Tuesday, March 23, 2021

Janet Gallant and Sharon Thesen, The Wig-Maker


My dad didn’t say a lot
    but he had only wonderful things to say about his grandmother
          his mother and his sister. He never talked about his father.

I never knew anything else about anyone else in his family.
     His sister-in-law told me

And this was before I told her about the abuse,
“Our priest was not part of that. I will tell you, though,

Your grandfather was nicknamed ‘the pervert.’
Your grandmother wouldn’t let the children out of her sight.”

I would love to talk to Aunt Elizabeth!
      “Can you tell me if my dad went to church? Aunt Elizabeth,

aren’t you wondering why your Tommy died with no family by his side?”

My father may as well have hung himself.

But she’s ignoring me. Her entire family has shut down,
won’t contact me. his brothers—Uncle Walter, a bus driver—

I’ve met once. He’s in denial, a nice enough guy, nothing to say.
Uncle Bud never called me either. He’s dead now. (“tom”)

I’m fascinated by the collaborative lyric memoir-in-poems by Janet Gallant and Sharon Thesen, The Wig-Maker (Vancouver BC: New Star Books, 2021), a harrowing account of childhood physical and sexual abuse, the suicide of a sibling, abandonment, grief and resilience. The poems in The Wig-Maker are told in the voice of the storyteller, Lake Country, British Columbia wig-maker Janet Gallant, as shaped by her neighbour, the poet Sharon Thesen, with the occasional aside by Thesen interspersed throughout. The poems in The Wig-Maker offer a memoir propelled by Thesen’s lyric clarity, writing out the story of Gallant’s life as a biracial child, abandoned early on by her mother, and left with her father and eventual stepmother. The narrative also includes Gallant’s more recent discovery, via DNA, that the man she knew as her father wasn’t her biological father, adding new layers and complications to an already fraught history.

What does it mean when a work is ghost-written, but the writer shaping the words isn’t a ghost? I suppose the closest descriptor might be “collaborator,” as Thesen receives and reshapes Gallant’s stories, the threads of Gallant’s tellings, into lyric form. The poems speak to Gallant’s childhood and sexual abuse by her father, her slow realization and exploration of her biracial identity, the stories of her siblings and their own traumas and eventual deaths, and the onset of her apopecia, which caused her to lose her hair, becoming bald by the time she was forty-six. As she writes in her introduction, “After a couple of frustrating years and a several thousand dollars spent on off-the-rack wigs, I wasn’t satisfied. The fit was never quite right, the hairline didn’t look natural. I didn’t feel like me. So, my journey into the craft of wig-making began.” As one of Thesen’s asides offers:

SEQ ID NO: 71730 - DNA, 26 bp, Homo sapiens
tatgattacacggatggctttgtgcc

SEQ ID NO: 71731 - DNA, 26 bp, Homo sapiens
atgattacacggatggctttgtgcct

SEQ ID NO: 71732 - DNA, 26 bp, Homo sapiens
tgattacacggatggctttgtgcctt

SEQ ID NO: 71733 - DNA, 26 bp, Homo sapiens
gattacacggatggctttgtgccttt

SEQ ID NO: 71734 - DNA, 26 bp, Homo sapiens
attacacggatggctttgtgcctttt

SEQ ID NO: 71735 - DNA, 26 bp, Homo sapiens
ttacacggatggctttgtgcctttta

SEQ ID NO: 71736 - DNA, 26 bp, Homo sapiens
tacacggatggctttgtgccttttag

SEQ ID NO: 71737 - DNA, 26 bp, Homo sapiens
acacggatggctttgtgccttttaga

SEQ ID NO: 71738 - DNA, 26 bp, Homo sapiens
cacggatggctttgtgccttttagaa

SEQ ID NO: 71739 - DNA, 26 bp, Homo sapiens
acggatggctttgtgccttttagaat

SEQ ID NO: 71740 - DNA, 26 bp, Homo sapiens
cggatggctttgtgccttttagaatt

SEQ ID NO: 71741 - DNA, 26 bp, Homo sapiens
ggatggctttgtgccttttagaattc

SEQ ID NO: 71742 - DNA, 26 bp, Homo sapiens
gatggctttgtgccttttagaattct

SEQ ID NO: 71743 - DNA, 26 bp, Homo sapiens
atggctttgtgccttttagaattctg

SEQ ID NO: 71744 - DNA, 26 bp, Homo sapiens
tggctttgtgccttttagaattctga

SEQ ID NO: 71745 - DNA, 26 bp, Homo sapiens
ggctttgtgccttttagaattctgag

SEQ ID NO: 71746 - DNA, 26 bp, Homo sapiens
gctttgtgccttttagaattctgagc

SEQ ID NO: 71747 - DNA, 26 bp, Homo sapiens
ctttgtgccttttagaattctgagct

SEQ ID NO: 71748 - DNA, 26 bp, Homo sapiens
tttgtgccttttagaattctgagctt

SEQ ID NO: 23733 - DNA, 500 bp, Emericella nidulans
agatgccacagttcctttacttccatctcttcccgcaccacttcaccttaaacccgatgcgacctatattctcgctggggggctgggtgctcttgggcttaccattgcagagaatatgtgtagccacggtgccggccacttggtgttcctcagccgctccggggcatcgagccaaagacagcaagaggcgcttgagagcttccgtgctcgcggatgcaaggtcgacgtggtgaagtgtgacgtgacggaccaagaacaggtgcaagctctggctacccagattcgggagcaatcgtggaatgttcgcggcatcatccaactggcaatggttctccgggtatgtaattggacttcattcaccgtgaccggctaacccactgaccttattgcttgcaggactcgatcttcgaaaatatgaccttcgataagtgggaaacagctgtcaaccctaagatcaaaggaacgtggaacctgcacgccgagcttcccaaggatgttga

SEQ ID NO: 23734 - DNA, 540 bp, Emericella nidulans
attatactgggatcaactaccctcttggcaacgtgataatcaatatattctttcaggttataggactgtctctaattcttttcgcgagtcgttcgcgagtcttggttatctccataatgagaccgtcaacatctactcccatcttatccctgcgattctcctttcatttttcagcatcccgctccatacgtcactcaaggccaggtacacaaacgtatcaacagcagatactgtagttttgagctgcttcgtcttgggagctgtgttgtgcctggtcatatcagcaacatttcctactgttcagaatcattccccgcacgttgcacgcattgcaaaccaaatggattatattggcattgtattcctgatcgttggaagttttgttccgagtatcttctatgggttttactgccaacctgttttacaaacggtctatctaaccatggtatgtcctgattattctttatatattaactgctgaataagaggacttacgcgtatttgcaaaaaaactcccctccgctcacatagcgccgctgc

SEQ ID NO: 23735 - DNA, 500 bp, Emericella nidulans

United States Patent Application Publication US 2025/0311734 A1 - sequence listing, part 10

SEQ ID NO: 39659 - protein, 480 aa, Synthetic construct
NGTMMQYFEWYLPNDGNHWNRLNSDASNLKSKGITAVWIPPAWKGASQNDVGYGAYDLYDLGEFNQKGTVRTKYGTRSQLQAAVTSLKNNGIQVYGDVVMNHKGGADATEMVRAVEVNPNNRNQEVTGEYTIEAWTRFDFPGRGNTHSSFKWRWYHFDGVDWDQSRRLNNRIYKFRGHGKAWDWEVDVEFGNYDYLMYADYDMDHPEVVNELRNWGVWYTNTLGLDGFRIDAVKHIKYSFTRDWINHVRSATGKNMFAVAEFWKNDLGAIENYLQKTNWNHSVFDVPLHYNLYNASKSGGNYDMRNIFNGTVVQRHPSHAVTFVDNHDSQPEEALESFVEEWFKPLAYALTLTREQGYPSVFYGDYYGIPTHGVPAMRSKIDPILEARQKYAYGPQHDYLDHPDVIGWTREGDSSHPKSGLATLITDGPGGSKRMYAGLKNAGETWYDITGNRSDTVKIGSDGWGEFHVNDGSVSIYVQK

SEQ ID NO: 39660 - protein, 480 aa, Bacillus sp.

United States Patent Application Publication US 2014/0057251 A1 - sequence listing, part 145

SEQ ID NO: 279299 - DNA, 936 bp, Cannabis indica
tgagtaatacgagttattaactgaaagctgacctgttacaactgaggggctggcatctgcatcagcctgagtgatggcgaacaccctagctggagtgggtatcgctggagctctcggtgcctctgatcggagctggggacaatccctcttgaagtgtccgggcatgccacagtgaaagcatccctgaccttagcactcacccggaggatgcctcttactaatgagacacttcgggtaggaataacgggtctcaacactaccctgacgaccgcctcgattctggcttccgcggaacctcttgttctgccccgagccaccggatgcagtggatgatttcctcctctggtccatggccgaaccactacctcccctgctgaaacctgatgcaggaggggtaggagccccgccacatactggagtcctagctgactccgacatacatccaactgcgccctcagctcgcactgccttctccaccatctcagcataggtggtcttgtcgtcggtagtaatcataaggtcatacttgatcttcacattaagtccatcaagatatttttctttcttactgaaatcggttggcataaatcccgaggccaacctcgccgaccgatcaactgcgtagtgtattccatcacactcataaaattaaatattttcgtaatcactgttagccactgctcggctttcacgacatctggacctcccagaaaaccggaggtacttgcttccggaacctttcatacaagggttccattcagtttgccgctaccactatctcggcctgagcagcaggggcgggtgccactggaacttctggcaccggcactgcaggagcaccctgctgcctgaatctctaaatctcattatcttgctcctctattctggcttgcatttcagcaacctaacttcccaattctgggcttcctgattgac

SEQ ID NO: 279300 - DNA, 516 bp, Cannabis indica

Janet’s hair, before it fell out, and when it began growing back as we worked on the text, was black. After she received the results of the DNA test, it fell out again. Today, it is growing back in platinum white, the legendary hair-turned-white-overnight of someone who has a bad shock.

There is something reminiscent in this collection of when prairie novelist Rudy Wiebe collaborated with Yvonne Johnson to write out her own story, resulting in the award-winning memoir Stolen Life: The Journey of a Cree Woman (Vintage Canada, 1999). There are ways in which Thesen’s lyrics point to this process as an examination, documentation and potential exorcism of some of Gallant’s past, needing to say aloud in print what can possibly be set aside. The setting down of these poems might allow certain elements of Gallant’s past to be, finally, relegated to the past, with other elements recorded for posterity, and out of respect for some of those loved ones that she has lost, all of which build The Wig-Maker into a powerful, necessary and difficult collection. As Gallant writes as part of her introduction:

            We are writing this book, due to my lifelong need to tell the story of my brother Billy, dead by suicide before his fourteenth birthday; to tell the story of our sister Penny, dead at the age of forty, ravaged by breast cancer after suffering, her entire adult life, on the streets of Canada with schizophrenia. The story of innocence lost, taken by the one called father, overlooked by the lady of the house. A story of three generations of women (my grandmother, my mother, and my sister Penny) whose lives, and loved ones, were taken by the same mental illness.
My friend Melissa asked me if music would be woven into this telling. She knows how important music was to me, is to me. I told her I hadn’t considered it at that point. She got me thinking. I look forward to following up with Melissa, to let her know how it worked out. To let her know the music is indeed here. Lyrics of truth, and notes of healing, are here.


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